Data released this week shows Georgia’s obesity rate is improving, but 28 percent of the state's citizens still weigh in as obese. Growing health problems and rising healthcare costs are straining both the physical and economic wellbeing of America.
The College of Agricultural and Environmental Sciences will honor Gale Buchanan, a former dean of the college, and longtime, influential pecan and watermelon producer Buddy Leger, as inductees into Georgia Agricultural Hall of Fame on September 14 at an induction ceremony at 6 p.m. in Athens, Ga.
Farmers, entrepreneurs and policymakers — representing 13 different African nations from Mauritania to South Africa — visited the University of Georgia campus in Tifton to learn about farming practices, research and government programs supporting agriculture in Georgia.
University of Georgia College of Agricultural and Environmental doctoral student Erico Rolim de Mattos envisions a world where exploding human populations, global climate change and land overdevelopment has rendered mankind incapable of producing enough food to sustain humanity.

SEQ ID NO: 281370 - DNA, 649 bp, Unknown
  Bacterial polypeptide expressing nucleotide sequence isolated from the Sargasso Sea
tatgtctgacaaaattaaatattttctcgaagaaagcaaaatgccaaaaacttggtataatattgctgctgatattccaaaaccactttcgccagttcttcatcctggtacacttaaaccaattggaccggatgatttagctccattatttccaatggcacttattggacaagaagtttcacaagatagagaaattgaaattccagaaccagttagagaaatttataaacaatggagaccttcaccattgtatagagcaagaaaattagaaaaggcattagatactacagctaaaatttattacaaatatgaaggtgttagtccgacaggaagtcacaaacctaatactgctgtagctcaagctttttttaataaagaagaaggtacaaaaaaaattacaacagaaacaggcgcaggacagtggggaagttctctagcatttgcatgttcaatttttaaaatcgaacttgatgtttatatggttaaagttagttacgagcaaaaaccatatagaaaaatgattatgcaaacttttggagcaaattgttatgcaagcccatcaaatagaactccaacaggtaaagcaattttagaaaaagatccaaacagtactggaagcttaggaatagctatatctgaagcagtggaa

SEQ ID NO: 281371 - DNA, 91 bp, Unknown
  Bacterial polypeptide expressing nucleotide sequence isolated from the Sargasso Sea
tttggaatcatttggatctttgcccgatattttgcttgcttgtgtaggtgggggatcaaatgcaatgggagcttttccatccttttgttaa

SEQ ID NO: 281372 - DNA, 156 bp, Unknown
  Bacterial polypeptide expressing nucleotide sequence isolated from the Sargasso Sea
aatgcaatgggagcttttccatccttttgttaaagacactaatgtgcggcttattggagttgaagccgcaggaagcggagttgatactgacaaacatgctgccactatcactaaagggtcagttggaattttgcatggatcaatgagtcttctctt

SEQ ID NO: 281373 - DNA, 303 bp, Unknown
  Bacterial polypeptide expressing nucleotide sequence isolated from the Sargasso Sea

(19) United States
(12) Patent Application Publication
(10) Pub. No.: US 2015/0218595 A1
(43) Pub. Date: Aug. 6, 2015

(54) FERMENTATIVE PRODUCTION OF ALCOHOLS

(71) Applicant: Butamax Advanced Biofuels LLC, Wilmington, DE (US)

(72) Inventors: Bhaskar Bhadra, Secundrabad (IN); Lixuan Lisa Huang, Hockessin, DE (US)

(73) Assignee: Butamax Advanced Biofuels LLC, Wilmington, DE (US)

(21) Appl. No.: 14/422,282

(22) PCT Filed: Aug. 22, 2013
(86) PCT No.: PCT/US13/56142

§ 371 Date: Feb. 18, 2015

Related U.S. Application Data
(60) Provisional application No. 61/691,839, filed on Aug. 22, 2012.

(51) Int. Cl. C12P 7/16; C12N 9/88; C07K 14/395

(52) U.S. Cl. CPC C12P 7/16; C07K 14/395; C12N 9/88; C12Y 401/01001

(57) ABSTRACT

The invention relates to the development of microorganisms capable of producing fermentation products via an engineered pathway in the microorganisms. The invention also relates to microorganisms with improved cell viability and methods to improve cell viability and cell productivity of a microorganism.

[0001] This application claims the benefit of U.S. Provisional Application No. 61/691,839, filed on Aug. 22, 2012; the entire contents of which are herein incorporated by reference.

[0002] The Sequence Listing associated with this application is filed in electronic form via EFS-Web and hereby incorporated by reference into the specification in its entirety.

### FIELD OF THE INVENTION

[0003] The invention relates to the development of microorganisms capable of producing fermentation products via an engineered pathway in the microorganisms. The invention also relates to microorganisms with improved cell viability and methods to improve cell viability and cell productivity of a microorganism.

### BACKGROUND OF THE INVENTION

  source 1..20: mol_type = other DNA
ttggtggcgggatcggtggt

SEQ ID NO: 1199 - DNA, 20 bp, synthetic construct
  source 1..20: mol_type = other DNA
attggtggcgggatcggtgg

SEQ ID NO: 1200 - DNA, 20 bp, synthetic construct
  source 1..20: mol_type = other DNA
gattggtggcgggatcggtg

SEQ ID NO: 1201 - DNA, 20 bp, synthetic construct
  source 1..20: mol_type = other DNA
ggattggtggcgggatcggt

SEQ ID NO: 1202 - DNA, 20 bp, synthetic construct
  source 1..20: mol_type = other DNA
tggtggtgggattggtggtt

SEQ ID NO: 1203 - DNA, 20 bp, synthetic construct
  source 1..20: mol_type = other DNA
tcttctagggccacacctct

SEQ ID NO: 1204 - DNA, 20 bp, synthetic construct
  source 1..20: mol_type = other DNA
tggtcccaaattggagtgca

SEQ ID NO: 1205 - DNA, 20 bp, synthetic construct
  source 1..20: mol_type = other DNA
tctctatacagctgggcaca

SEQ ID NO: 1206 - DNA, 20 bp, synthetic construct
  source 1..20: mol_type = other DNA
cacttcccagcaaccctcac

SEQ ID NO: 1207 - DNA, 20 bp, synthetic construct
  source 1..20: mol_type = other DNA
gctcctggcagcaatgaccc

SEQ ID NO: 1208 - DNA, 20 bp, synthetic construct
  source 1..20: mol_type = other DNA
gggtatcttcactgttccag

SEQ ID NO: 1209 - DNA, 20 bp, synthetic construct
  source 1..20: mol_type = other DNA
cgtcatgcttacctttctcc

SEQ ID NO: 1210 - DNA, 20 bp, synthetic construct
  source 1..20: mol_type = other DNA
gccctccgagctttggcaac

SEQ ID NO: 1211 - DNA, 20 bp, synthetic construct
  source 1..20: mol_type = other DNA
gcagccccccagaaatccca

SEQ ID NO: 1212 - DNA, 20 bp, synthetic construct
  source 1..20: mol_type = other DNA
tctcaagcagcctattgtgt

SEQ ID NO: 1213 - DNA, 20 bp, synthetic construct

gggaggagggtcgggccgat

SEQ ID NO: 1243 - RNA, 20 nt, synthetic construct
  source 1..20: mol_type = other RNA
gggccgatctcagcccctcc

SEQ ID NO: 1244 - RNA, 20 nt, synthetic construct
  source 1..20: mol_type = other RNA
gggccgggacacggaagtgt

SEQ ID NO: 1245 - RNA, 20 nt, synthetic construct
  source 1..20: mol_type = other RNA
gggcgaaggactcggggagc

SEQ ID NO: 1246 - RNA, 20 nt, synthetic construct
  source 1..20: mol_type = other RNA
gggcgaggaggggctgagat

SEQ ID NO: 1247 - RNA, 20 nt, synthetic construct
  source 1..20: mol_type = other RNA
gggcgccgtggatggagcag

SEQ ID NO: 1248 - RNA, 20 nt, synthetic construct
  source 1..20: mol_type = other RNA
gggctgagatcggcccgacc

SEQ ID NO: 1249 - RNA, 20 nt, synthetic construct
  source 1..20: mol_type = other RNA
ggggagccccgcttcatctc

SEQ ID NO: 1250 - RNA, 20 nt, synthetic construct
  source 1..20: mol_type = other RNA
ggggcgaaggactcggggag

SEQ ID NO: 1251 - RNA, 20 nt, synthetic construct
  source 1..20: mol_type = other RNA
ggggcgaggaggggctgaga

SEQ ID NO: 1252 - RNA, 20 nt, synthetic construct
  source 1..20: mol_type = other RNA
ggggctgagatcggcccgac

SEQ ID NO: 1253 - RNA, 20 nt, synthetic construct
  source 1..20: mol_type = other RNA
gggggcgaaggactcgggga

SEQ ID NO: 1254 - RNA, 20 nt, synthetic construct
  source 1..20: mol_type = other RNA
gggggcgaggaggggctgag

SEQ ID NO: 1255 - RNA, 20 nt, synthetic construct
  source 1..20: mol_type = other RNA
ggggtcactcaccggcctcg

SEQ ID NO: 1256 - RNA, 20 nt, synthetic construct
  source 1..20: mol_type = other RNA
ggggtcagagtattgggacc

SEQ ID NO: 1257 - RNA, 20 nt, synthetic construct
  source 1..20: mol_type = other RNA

This scenario is a very real possibility, and it has captured the minds of specialists from organizations like NASA and the United Nations.
Haitian farmers have toiled for more than a century to grow crops in the nation’s notoriously ravaged farmlands. A new soil-testing lab, scheduled to open in June, should help farmers in Haiti improve their yields.
Seven years ago Chris Hopkins and his wife Marilynn started their row crop operation on 50 acres of rented land in Toombs County. Since that time, the Hopkins’ farm has grown to encompass 600 acres of cotton, peanuts, corn timber, watermelons and pecans.
In a year when Georgia’s economy struggled to get back on its feet, agriculture gave local communities a much-needed boost, according to a report released by the University of Georgia Center for Agribusiness and Economic Development.